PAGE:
Recently low displacement rank (LDR) matrices, or so-called structured matrices, have been proposed to compress large-scale neural networks. Empirical results have shown that neural networks with weight matrices of LDR matrices, referred as LDR neural networks, can achieve significant reduction in space and computational complexity while retaining high accuracy. We formally study LDR matrices in deep learning. First, we prove the universal approximation property of LDR neural networks with a mild condition on the displacement operators. We then show that the error bounds of LDR neural networks are as efficient as general neural networks with both single-layer and multiple-layer structure. Finally, we propose back-propagation based training algorithm for general LDR neural networks.
Recurrent neural networks are powerful models for processing sequential data, but they are generally plagued by vanishing and exploding gradient problems. Unitary recurrent neural networks (uRNNs), which use unitary recurrence matrices, have recently been proposed as a means to avoid these issues. However, in previous experiments, the recurrence matrices were restricted to be a product of parameterized unitary matrices, and an open question remains: when does such a parameterization fail to represent all unitary matrices, and how does this restricted representational capacity limit what can be learned? To address this question, we propose full-capacity uRNNs that optimize their recurrence matrix over all unitary matrices, leading to significantly improved performance over uRNNs that use a restricted-capacity recurrence matrix. Our contribution consists of two main components.
Pruning is an efficient model compression technique to remove redundancy in the connectivity of deep neural networks (DNNs). Computations using sparse matrices obtained by pruning parameters, however, exhibit vastly different parallelism depending on the index representation scheme. As a result, fine-grained pruning has not gained much attention due to its irregular index form leading to large memory footprint and low parallelism for convolutions and matrix multiplications. In this paper, we propose a new network pruning technique that generates a low-rank binary index matrix to compress index data while decompressing index data is performed by simple binary matrix multiplication. This proposed compression method finds a particular fine-grained pruning mask that can be decomposed into two binary matrices. We also propose a tile-based factorization technique that not only lowers memory requirements but also enhances compression ratio. Various DNN models can be pruned with much fewer indexes compared to previous sparse matrix formats while maintaining the same pruning rate.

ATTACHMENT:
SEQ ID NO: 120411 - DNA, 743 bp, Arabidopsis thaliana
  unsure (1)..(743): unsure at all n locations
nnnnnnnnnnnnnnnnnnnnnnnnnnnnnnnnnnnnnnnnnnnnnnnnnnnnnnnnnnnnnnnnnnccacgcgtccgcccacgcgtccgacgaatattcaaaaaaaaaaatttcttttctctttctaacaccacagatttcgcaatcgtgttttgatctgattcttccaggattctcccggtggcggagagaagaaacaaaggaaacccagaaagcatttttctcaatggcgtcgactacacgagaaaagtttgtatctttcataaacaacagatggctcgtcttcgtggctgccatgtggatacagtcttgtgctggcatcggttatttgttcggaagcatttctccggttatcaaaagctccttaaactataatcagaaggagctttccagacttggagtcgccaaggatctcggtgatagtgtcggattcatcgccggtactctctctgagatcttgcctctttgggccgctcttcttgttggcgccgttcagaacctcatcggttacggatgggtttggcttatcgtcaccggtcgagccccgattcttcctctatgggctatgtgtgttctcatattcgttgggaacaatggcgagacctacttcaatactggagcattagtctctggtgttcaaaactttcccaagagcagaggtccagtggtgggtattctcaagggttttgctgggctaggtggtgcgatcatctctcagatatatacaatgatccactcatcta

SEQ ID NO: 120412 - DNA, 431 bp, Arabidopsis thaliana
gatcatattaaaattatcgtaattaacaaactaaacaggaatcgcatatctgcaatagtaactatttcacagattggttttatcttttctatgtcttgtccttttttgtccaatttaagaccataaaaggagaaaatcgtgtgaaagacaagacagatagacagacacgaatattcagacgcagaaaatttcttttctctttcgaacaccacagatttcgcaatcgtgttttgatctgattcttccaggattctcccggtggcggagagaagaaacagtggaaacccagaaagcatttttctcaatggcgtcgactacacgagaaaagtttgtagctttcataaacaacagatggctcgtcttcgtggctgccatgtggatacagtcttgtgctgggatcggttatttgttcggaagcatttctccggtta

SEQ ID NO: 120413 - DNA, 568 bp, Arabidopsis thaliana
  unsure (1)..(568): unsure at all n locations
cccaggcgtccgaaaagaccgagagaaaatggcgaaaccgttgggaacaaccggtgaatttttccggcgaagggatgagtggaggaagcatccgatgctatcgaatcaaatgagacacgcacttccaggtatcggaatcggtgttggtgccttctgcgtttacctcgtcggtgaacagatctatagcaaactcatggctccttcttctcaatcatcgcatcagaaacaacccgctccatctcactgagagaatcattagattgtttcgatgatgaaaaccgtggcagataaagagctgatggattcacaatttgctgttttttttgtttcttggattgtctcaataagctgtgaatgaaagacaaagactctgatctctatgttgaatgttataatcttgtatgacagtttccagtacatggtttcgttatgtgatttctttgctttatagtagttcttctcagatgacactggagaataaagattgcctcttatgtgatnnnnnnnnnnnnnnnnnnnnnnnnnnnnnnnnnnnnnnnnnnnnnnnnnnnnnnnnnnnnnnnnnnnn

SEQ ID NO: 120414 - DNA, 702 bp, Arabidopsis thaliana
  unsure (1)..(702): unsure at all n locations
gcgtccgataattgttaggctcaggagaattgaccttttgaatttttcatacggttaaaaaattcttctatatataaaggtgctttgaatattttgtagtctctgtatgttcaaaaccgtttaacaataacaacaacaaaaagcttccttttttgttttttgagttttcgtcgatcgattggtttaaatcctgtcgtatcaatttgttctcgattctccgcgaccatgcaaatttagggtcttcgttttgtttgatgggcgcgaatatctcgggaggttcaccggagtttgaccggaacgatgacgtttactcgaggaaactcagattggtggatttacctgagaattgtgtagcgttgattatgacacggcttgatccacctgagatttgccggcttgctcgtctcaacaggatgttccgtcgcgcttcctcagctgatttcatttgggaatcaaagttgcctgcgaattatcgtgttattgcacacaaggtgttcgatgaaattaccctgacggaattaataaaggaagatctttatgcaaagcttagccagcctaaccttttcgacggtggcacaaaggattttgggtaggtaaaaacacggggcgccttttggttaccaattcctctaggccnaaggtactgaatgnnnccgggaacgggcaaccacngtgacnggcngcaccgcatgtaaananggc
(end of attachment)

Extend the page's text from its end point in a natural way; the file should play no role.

In this paper, we study deep fully circulant neural networks, that is deep neural networks in which all weight matrices are circulant ones. We show that these networks outperform the recently introduced deep networks with other types of structured layers. Besides introducing principled techniques for training these models, we provide theoretical guarantees regarding their expressivity. Indeed, we prove that the function space spanned by circulant networks of bounded depth includes the one spanned by dense networks with specific properties on their rank. We conduct a thorough experimental study to compare the performance of deep fully circulant networks with state of the art models based on structured matrices and with dense models. We show that our models achieve better accuracy than their structured alternatives while required 2x fewer weights as the next best approach. Finally we train deep fully circulant networks to build a compact and accurate models on a real world video classification dataset with over 3.8 million training examples.
Vanishing and exploding gradients are two of the main obstacles in training deep neural networks, especially in capturing long range dependencies in recurrent neural networks~(RNNs). In this paper, we present an efficient parametrization of the transition matrix of an RNN that allows us to stabilize the gradients that arise in its training. Specifically, we parameterize the transition matrix by its singular value decomposition(SVD), which allows us to explicitly track and control its singular values. We attain efficiency by using tools that are common in numerical linear algebra, namely Householder reflectors for representing the orthogonal matrices that arise in the SVD. By explicitly controlling the singular values, our proposed Spectral-RNN method allows us to easily solve the exploding gradient problem and we observe that it empirically solves the vanishing gradient issue to a large extent. We note that the SVD parameterization can be used for any rectangular weight matrix, hence it can be easily extended to any deep neural network, such as a multi-layer perceptron. Theoretically, we demonstrate that our parameterization does not lose any expressive power, and show how it controls generalization of RNN for the classification task. %, and show how it potentially makes the optimization process easier. Our extensive experimental results also demonstrate that the proposed framework converges faster, and has good generalization, especially in capturing long range dependencies, as shown on the synthetic addition and copy tasks, as well as on MNIST and Penn Tree Bank data sets.